Which brings us to who I think is the most intriguing Cub, Jeff Samardzija. The Cubs did the right thing and stuck Shark (Jeff’s rather unfortunate nickname) in the rotation. He had some interesting gains last year as a reliever, but if he was going to be worth anything to the organization, it was going to be in the rotation. As I stated before, I love small sample sizes, they’re fun, and when we talk about Shark’s numbers it’s in the tiniest of sample sizes, but dating back to last year he’s gained something valuable; the ability to miss bats.
See, dating back to his minor league days, Shark was always a bit of a mystery. He had good-great stuff, and a 98 MPH heater, but he never consistently posted legit prospect K/9 numbers.
His fastball was described as fast and straight, which is an issue. Major League hitters will time up fast if it’s straight, just ask Armando Benitez. Since 2011 however, his K rate jumped to 8+ and it looks like it’ll stay there. Begs the question, what’s different?
Well, this year he’s walking less people. His BB/9 rate is dramatically slashed so far this year, but we’ll get to that in a moment. The difference is that his stuff is just, better. Let’s look at his PitchF/X data for a second.
PitchFx tracks the movement and speed of pitches thrown. In this case it’s illustrating Shark’s improved movement on all of his pitches. SL=Slider, CH=Changeup, and FT=Two Seamer, something that is a relatively new classification and can be misleading. Before ’11, Shark’s slider wasn’t moving across the plate much, it was simply spinning and dropping with gravity. In 2011 however, that pitch improved, and it’s clear when you watch him. I don’t know for a fact if he improved his grip on the slider or if he just has a better feel for it, but it’s a real pitch now. It’s become a wipeout pitch. The Changeup has also greatly improved, even if he limited his use of it in 2011. This year it has legitimate drop to it and it looks like it comes out of the same slot, with similar arm action, as his fastball. The Two-Seamer is a bit of a mystery, PitchFx did mis-classify this pitch as a regular fastball until around 2010, but it has live action and is a few ticks slower than his 4 seamer. All of his pitches have good movement on them, with his two fastballs being his best pitches. The slider is now a legit weapon and the changeup is coming along. That alone explains the uptick in strikeouts, but there’s also one more trend that appeared during spring training and has some people (myself included) optimistic about his future as a starter.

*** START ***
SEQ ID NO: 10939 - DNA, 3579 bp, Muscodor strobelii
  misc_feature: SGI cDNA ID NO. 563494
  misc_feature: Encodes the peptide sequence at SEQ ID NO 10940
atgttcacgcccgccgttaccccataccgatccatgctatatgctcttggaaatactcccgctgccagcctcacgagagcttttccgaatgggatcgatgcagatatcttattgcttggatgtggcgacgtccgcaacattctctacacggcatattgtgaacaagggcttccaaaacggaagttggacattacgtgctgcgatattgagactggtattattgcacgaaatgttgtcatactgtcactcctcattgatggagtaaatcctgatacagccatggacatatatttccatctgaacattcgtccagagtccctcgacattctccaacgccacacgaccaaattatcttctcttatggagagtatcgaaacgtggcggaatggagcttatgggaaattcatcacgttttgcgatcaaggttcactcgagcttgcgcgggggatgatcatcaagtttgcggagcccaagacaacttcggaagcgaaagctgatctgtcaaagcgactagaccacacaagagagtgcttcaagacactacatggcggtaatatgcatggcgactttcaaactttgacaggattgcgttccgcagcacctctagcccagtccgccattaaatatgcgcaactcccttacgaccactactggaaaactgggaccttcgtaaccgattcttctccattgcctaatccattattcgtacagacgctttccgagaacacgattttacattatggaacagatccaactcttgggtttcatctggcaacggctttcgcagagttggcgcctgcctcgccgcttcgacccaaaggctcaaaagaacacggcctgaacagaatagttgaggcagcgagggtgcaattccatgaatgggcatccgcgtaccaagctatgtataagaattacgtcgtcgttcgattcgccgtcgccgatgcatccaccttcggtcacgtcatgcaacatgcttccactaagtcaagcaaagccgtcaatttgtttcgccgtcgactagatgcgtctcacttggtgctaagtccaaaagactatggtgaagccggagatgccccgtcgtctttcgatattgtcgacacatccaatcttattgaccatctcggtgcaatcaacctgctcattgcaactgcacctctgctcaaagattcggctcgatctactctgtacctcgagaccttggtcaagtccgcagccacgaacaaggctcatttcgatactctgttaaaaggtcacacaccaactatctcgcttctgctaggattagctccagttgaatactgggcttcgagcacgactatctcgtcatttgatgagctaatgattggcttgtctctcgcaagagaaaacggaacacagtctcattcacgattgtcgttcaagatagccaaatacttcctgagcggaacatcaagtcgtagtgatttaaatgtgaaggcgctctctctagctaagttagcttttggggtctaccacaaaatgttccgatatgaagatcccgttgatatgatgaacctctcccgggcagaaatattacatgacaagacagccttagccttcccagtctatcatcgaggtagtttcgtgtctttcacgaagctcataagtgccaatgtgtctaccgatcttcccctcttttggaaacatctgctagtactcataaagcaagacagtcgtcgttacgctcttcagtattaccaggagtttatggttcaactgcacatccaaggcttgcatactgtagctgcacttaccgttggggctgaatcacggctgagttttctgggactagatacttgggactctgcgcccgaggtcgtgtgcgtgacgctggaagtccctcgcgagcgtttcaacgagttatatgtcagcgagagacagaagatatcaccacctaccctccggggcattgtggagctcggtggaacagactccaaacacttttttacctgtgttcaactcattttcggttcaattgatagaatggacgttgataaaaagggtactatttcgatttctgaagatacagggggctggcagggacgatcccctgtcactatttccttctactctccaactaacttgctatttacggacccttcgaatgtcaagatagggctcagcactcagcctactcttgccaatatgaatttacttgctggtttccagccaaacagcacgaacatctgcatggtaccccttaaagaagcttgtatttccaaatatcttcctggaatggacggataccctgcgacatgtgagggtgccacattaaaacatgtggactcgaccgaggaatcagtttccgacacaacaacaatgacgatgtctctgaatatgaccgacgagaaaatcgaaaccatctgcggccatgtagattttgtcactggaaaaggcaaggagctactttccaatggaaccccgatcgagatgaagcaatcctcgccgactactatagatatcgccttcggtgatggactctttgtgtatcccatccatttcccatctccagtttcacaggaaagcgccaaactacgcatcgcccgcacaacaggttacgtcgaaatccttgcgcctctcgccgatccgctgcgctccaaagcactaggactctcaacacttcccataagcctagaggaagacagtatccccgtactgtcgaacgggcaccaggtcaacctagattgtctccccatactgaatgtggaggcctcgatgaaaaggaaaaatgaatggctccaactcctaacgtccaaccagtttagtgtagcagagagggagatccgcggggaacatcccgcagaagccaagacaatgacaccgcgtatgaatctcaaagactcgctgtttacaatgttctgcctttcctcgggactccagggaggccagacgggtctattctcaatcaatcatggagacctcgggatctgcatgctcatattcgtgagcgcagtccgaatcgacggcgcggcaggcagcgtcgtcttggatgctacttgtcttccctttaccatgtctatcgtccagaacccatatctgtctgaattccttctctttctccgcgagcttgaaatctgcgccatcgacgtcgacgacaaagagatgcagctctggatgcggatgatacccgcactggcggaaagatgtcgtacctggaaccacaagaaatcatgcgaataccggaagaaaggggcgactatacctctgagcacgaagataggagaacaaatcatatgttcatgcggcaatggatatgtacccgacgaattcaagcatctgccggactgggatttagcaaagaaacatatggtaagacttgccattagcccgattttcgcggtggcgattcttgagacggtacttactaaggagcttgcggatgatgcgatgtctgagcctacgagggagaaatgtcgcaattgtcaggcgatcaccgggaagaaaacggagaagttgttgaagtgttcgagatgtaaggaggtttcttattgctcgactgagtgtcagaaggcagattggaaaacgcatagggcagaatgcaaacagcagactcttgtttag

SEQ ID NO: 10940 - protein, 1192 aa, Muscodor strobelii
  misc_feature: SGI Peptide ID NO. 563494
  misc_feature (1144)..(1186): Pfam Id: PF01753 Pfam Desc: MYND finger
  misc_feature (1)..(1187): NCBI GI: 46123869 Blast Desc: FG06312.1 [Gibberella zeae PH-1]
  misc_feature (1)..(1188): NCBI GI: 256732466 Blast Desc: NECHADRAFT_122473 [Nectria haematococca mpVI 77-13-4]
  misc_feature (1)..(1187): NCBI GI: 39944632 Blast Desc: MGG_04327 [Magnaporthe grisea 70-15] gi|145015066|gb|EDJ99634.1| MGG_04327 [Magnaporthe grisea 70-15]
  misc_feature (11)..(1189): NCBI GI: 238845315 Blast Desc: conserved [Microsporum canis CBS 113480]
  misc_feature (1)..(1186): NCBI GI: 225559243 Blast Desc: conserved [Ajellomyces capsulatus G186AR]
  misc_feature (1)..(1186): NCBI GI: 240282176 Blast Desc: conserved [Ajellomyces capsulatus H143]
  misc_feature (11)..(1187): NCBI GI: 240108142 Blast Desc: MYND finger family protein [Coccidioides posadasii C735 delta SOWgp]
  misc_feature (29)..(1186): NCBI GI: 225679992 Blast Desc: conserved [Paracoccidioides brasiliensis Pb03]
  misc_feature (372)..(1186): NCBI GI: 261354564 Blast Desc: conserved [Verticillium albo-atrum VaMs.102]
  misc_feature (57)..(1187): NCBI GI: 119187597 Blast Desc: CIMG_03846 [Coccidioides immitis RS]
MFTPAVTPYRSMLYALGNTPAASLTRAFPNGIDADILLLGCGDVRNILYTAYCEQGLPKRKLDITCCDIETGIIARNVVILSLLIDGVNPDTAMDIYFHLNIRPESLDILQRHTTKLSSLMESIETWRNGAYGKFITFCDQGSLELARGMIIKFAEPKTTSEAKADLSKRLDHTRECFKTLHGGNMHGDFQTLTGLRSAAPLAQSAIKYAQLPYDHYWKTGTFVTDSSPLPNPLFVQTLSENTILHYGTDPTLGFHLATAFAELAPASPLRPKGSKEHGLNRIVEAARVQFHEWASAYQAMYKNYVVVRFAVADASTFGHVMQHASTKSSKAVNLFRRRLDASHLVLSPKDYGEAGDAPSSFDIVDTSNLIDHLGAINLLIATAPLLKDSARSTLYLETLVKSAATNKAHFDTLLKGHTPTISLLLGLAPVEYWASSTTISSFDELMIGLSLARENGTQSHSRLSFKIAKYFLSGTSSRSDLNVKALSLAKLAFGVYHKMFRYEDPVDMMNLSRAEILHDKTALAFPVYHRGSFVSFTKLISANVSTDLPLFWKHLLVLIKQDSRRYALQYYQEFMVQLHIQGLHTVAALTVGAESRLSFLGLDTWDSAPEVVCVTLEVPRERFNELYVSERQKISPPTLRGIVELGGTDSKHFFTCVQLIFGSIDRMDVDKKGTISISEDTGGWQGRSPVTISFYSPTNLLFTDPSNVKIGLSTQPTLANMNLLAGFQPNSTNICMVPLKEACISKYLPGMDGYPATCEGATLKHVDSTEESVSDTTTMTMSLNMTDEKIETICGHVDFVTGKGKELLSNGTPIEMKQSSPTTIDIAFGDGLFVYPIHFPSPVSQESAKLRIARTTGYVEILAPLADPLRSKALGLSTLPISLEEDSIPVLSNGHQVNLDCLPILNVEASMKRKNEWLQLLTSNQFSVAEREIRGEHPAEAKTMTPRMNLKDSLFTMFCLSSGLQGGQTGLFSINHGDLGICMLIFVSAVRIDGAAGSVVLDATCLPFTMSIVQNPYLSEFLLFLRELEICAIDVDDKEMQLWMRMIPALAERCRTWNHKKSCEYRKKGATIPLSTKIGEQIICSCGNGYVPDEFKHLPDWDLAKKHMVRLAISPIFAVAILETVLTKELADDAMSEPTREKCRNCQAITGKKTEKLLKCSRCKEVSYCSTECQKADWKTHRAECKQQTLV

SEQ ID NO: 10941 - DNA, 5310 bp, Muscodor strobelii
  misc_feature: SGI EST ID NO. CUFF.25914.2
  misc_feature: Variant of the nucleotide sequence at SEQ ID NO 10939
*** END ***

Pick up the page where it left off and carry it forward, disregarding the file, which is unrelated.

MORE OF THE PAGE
He’s walking less people.
Let’s go back to his Baseball Reference card
During Spring Training Shark walked 1 batter and struck out 16 in 20 innings of work. Spring Training stats are misleading sometimes, but I don’t think they were with Samardzija this year. His command has dramatically improved this year in limited innings. To properly illustrate that:
That’s shark in a nutshell. Drop in ERA, rise in K/9, cliff dive in BB/9 and a rocket trip in K/BB ratio.
He’ll probably have some missteps over the course of a long season, but the improved control and the improvement on the movement of his pitches are all reasons to be optimistic. Shark’s change in approach will raise his ceiling, the questions for the remainder of the year revolve around the durability of his arm, I think. Can he throw 150+ innings? Can he retain the gains he’s made in control? Can he be a dependable starter? I don’t know for sure, but I’m finally optimistic about Samardzija.